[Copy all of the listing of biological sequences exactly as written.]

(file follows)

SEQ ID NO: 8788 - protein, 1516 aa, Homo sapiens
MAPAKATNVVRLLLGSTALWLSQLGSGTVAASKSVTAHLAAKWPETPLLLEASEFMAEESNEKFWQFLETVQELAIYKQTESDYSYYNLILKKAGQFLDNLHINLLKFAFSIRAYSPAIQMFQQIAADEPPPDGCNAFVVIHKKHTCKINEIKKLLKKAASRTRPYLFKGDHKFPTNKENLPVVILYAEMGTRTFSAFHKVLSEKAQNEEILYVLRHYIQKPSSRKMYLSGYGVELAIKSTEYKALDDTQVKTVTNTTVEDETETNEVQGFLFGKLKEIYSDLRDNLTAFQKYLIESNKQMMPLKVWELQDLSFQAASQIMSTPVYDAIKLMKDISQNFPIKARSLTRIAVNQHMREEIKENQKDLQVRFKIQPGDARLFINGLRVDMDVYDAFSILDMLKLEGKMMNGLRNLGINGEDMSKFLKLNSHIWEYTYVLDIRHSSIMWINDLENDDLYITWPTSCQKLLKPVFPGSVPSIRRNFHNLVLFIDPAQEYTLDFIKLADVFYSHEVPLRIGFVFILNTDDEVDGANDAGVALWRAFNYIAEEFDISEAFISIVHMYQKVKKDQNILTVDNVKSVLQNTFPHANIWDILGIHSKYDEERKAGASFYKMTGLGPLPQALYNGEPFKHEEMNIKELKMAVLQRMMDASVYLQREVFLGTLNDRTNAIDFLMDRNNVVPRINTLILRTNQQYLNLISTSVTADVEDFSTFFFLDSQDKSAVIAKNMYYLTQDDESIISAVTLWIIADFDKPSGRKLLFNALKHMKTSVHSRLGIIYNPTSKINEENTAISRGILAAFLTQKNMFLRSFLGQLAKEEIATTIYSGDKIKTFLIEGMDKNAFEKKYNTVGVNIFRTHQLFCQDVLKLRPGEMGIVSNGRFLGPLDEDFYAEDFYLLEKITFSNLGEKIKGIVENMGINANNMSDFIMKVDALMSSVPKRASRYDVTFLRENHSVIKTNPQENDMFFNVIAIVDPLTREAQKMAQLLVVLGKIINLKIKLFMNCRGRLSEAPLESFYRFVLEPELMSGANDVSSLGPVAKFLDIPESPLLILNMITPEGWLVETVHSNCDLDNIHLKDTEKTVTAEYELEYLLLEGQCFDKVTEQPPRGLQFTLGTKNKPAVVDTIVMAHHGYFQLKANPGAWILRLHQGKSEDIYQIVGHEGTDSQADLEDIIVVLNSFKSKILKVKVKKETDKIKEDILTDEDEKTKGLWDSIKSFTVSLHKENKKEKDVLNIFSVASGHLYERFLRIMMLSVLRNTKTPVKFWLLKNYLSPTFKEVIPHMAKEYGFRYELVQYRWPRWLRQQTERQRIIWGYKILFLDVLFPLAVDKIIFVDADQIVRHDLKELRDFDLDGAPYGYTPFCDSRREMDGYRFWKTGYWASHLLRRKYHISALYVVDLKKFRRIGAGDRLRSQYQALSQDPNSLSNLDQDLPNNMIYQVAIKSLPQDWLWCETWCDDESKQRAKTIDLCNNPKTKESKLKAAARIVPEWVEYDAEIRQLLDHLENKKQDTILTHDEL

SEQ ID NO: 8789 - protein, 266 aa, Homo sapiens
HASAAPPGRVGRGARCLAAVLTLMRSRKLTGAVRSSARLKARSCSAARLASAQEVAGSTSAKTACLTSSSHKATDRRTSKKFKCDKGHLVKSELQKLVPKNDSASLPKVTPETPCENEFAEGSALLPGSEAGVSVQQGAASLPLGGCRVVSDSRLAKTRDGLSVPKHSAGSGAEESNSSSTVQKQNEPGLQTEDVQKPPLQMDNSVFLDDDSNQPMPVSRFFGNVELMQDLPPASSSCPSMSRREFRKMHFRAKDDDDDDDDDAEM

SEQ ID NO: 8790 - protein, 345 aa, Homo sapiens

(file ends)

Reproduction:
SEQ ID NO: 8788 - protein, 1516 aa, Homo sapiens
MAPAKATNVVRLLLGSTALWLSQLGSGTVAASKSVTAHLAAKWPETPLLLEASEFMAEESNEKFWQFLETVQELAIYKQTESDYSYYNLILKKAGQFLDNLHINLLKFAFSIRAYSPAIQMFQQIAADEPPPDGCNAFVVIHKKHTCKINEIKKLLKKAASRTRPYLFKGDHKFPTNKENLPVVILYAEMGTRTFSAFHKVLSEKAQNEEILYVLRHYIQKPSSRKMYLSGYGVELAIKSTEYKALDDTQVKTVTNTTVEDETETNEVQGFLFGKLKEIYSDLRDNLTAFQKYLIESNKQMMPLKVWELQDLSFQAASQIMSTPVYDAIKLMKDISQNFPIKARSLTRIAVNQHMREEIKENQKDLQVRFKIQPGDARLFINGLRVDMDVYDAFSILDMLKLEGKMMNGLRNLGINGEDMSKFLKLNSHIWEYTYVLDIRHSSIMWINDLENDDLYITWPTSCQKLLKPVFPGSVPSIRRNFHNLVLFIDPAQEYTLDFIKLADVFYSHEVPLRIGFVFILNTDDEVDGANDAGVALWRAFNYIAEEFDISEAFISIVHMYQKVKKDQNILTVDNVKSVLQNTFPHANIWDILGIHSKYDEERKAGASFYKMTGLGPLPQALYNGEPFKHEEMNIKELKMAVLQRMMDASVYLQREVFLGTLNDRTNAIDFLMDRNNVVPRINTLILRTNQQYLNLISTSVTADVEDFSTFFFLDSQDKSAVIAKNMYYLTQDDESIISAVTLWIIADFDKPSGRKLLFNALKHMKTSVHSRLGIIYNPTSKINEENTAISRGILAAFLTQKNMFLRSFLGQLAKEEIATTIYSGDKIKTFLIEGMDKNAFEKKYNTVGVNIFRTHQLFCQDVLKLRPGEMGIVSNGRFLGPLDEDFYAEDFYLLEKITFSNLGEKIKGIVENMGINANNMSDFIMKVDALMSSVPKRASRYDVTFLRENHSVIKTNPQENDMFFNVIAIVDPLTREAQKMAQLLVVLGKIINLKIKLFMNCRGRLSEAPLESFYRFVLEPELMSGANDVSSLGPVAKFLDIPESPLLILNMITPEGWLVETVHSNCDLDNIHLKDTEKTVTAEYELEYLLLEGQCFDKVTEQPPRGLQFTLGTKNKPAVVDTIVMAHHGYFQLKANPGAWILRLHQGKSEDIYQIVGHEGTDSQADLEDIIVVLNSFKSKILKVKVKKETDKIKEDILTDEDEKTKGLWDSIKSFTVSLHKENKKEKDVLNIFSVASGHLYERFLRIMMLSVLRNTKTPVKFWLLKNYLSPTFKEVIPHMAKEYGFRYELVQYRWPRWLRQQTERQRIIWGYKILFLDVLFPLAVDKIIFVDADQIVRHDLKELRDFDLDGAPYGYTPFCDSRREMDGYRFWKTGYWASHLLRRKYHISALYVVDLKKFRRIGAGDRLRSQYQALSQDPNSLSNLDQDLPNNMIYQVAIKSLPQDWLWCETWCDDESKQRAKTIDLCNNPKTKESKLKAAARIVPEWVEYDAEIRQLLDHLENKKQDTILTHDEL

SEQ ID NO: 8789 - protein, 266 aa, Homo sapiens
HASAAPPGRVGRGARCLAAVLTLMRSRKLTGAVRSSARLKARSCSAARLASAQEVAGSTSAKTACLTSSSHKATDRRTSKKFKCDKGHLVKSELQKLVPKNDSASLPKVTPETPCENEFAEGSALLPGSEAGVSVQQGAASLPLGGCRVVSDSRLAKTRDGLSVPKHSAGSGAEESNSSSTVQKQNEPGLQTEDVQKPPLQMDNSVFLDDDSNQPMPVSRFFGNVELMQDLPPASSSCPSMSRREFRKMHFRAKDDDDDDDDDAEM

SEQ ID NO: 8790 - protein, 345 aa, Homo sapiens